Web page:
Sirach 2.1-6 – Trust in the Lord

(1)  My child, if you come to be a subject to the Lord, prepare yourself for testing.

The sense is seen, as opposed to predestination, that we might come to serve the Lord. This author moves from Wisdom attaching herself to the faithful in the womb to an individual choice. It is essentially up to the person to answer the call, to pay attention to the drawing of the Spirit of God. In doing this, in serving the Lord, they will face testing of their own will.

(2)  Set your heart right and be steadfast, and do not be erratic in time of calamity.

Throughout the Gospels, the call to be patient (Luke 12.26-27) is made, as well as the call to set one’s sights higher (Matthew 6.33) is made with the promise that those who rest higher will not be moved.

Be anxious for nothing, but in everything by prayer and supplication, with thanksgiving, let your requests be made known to God; and the peace of God, which surpasses all understanding, will guard your hearts and minds through Christ Jesus. (Philippians 4:6-7 NKJV)

There is little doubt now as to the kind of political and cultural climate in which the authors of Sirach and the New Testament lived, one which was turned upside down. Pagan Rome was powerful, Israel over run, and the Jews split into many different factions. There is little wonder why the need to look higher than one’s situation was mentioned and cajoled for disciples.

(3)  Cleave to him and forsake him not, that you may be honored at the end of your life.

The author commands us to cling to the Lord, and to not stand alone, having forsaken Him. In conjunction with the previous verse, we read of a plea to fasten our hearts to God alone, and not to forsake Him in the calamity.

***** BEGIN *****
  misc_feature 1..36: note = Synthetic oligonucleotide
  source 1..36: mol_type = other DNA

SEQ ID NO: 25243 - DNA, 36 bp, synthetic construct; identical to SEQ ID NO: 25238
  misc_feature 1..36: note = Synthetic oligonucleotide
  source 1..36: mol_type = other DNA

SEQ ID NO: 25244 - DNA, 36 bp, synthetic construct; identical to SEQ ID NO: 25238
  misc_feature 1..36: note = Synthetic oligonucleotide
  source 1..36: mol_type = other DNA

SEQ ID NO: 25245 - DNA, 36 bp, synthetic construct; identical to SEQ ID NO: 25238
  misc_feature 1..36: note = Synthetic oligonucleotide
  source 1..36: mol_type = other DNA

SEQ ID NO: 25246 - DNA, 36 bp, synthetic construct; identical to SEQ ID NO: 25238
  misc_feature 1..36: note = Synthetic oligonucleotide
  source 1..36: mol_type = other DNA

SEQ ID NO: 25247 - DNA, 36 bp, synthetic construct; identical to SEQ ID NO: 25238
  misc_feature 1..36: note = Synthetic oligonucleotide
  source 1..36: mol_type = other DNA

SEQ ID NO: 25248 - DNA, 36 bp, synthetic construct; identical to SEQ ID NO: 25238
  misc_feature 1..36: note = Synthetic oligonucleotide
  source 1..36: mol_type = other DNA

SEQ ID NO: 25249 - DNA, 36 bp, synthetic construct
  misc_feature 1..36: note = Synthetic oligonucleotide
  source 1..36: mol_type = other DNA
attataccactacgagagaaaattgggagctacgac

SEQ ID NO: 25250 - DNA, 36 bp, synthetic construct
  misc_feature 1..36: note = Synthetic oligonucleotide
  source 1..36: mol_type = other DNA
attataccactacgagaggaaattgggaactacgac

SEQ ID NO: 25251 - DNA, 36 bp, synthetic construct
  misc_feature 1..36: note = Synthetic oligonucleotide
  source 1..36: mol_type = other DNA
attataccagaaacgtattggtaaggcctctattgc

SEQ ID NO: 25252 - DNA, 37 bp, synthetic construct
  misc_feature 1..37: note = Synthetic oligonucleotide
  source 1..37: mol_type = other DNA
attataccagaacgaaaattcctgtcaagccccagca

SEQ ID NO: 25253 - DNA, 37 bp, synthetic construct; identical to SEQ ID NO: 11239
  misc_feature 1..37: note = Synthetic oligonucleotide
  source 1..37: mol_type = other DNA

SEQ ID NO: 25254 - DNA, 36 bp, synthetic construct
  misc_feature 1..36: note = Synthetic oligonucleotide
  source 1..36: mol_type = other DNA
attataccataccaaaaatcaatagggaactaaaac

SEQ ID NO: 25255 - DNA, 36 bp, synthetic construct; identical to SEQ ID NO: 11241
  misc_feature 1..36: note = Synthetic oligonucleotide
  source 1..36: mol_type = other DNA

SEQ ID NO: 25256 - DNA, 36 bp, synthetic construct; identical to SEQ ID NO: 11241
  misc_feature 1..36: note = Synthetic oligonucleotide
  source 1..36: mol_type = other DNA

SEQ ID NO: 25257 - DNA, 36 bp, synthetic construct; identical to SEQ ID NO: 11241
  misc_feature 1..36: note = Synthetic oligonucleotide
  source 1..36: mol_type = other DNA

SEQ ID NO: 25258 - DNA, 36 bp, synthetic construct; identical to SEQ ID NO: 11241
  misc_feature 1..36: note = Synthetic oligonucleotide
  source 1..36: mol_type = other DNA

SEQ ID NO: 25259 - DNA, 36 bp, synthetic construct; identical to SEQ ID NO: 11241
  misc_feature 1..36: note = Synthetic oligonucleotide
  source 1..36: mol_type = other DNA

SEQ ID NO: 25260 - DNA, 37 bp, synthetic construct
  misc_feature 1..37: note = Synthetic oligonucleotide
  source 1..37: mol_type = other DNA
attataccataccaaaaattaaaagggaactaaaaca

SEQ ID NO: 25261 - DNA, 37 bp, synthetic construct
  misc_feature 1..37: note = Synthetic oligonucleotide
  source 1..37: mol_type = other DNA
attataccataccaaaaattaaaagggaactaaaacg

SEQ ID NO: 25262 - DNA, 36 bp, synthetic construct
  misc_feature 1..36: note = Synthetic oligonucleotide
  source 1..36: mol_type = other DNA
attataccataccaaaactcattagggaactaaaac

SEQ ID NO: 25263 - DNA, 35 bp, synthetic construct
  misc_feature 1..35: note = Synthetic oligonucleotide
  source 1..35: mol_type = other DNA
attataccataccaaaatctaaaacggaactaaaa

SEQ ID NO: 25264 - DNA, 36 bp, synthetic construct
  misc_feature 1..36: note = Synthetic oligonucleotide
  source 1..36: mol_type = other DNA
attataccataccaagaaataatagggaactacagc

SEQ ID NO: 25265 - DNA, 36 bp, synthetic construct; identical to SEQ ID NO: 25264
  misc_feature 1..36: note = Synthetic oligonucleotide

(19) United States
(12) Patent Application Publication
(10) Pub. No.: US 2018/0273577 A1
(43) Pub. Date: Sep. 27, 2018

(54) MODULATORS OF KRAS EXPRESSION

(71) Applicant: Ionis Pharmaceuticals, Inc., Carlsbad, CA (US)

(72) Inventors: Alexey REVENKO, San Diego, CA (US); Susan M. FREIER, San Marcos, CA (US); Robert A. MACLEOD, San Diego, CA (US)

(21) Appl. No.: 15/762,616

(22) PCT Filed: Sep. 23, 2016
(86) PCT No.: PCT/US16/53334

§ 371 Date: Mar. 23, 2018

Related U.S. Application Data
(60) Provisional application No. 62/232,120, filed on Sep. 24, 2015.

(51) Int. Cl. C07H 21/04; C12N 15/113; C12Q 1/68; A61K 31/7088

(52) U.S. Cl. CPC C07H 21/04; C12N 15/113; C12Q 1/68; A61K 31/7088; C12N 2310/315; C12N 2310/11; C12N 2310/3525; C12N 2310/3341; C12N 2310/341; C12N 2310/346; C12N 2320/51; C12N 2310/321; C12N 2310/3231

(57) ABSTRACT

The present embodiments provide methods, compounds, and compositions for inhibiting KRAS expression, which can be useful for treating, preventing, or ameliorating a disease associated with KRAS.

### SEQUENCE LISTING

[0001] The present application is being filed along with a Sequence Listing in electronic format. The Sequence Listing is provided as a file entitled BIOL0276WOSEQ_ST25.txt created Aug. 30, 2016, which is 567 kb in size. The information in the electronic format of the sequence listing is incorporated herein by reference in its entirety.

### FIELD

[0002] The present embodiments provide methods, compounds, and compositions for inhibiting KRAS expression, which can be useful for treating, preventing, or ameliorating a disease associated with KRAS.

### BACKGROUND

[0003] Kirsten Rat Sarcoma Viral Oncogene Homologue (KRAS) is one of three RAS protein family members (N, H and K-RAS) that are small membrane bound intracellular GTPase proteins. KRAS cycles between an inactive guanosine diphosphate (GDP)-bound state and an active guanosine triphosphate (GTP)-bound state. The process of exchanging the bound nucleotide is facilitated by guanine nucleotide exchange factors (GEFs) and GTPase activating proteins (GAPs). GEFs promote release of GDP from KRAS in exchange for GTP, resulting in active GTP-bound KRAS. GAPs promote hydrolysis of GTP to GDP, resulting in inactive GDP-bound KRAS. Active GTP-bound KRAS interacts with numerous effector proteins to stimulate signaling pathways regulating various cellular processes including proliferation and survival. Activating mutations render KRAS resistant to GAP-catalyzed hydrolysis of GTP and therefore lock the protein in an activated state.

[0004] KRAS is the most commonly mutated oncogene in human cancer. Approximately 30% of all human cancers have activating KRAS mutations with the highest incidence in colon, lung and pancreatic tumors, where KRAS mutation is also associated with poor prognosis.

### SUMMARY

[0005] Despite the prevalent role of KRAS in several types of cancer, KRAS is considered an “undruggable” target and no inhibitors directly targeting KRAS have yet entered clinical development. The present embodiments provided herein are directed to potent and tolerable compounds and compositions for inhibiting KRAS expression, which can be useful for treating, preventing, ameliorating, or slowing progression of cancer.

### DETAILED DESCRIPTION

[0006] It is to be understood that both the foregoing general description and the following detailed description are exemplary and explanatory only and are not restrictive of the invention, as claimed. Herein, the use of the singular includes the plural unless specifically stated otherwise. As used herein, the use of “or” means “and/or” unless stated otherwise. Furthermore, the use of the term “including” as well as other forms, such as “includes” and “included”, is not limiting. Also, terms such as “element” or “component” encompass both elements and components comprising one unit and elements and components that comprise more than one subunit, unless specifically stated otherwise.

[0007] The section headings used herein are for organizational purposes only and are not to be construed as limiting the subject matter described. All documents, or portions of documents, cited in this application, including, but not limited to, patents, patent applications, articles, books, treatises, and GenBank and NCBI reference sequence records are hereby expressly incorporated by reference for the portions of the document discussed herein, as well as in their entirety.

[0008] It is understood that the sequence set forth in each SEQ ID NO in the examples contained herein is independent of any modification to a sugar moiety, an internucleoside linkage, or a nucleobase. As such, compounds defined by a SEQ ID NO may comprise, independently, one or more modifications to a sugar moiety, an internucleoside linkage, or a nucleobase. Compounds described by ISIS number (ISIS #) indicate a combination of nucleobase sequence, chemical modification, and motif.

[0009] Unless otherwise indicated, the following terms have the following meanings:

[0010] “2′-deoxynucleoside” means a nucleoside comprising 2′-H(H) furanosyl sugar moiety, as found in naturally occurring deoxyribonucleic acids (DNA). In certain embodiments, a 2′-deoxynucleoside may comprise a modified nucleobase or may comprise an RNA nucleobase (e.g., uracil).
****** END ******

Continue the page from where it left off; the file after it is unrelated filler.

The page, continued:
(4)  Accept whatever is brought upon you, and in changes that humble you be patient.
(5)  For gold is tested in the fire, and acceptable men in the furnace of humiliation.

Job (23.10) is present in our minds here, but we find in the first epistle from Peter a loud echo of the words in the preceding verses.

So be truly glad. There is wonderful joy ahead, even though you have to endure many trials for a little while.
These trials will show that your faith is genuine. It is being tested as fire tests and purifies gold– though your faith is far more precious than mere gold. So when your faith remains strong through many trials, it will bring you much praise and glory and honor on the day when Jesus Christ is revealed to the whole world. (1 Peter 1:6-7 NLT)

Peter is clearly echoing the sapential wisdom found in Sirach.

(5a) In sickness and in poverty, have trust in him

Although it is familiar because the same idea is found in many wedding vows, Sirach is relating this in the same way as the to the idea that what ever the situation of the student, only God matters. Perhaps the author sees sickness and poverty as being set against the trying of gold, or as the fire of the furnace of humiliation. While we do not so much encounter it here, in the Psalms of Solomon (perhaps also in Wisdom) we find a battle between the Pharisees and their disposers set into literature as the battle between the Righteous and the Sinners. Perhaps the author of Sirach foresaw the days which were coming, when the Pharisees would be cast out of power and loose the wealth of power.

(6)  Trust in him, and he will help you; make your ways straight, and hope in him.

The author strikes a balance between grace and freewill – follow the Lord, and He will save you to the uttermost part.

Post By Joel Watts (10,072 Posts)

Joel L. Watts holds a Masters of Arts from United Theological Seminary with a focus in literary and rhetorical criticism of the New Testament. He is currently a Ph.D. student at the University of the Free State, analyzing Paul’s model of atonement in Galatians. He is the author of Mimetic Criticism of the Gospel of Mark: Introduction and Commentary (Wipf and Stock, 2013), a co-editor and contributor to From Fear to Faith: Stories of Hitting Spiritual Walls (Energion, 2013), and Praying in God's Theater, Meditations on the Book of Revelation (Wipf and Stock, 2014).

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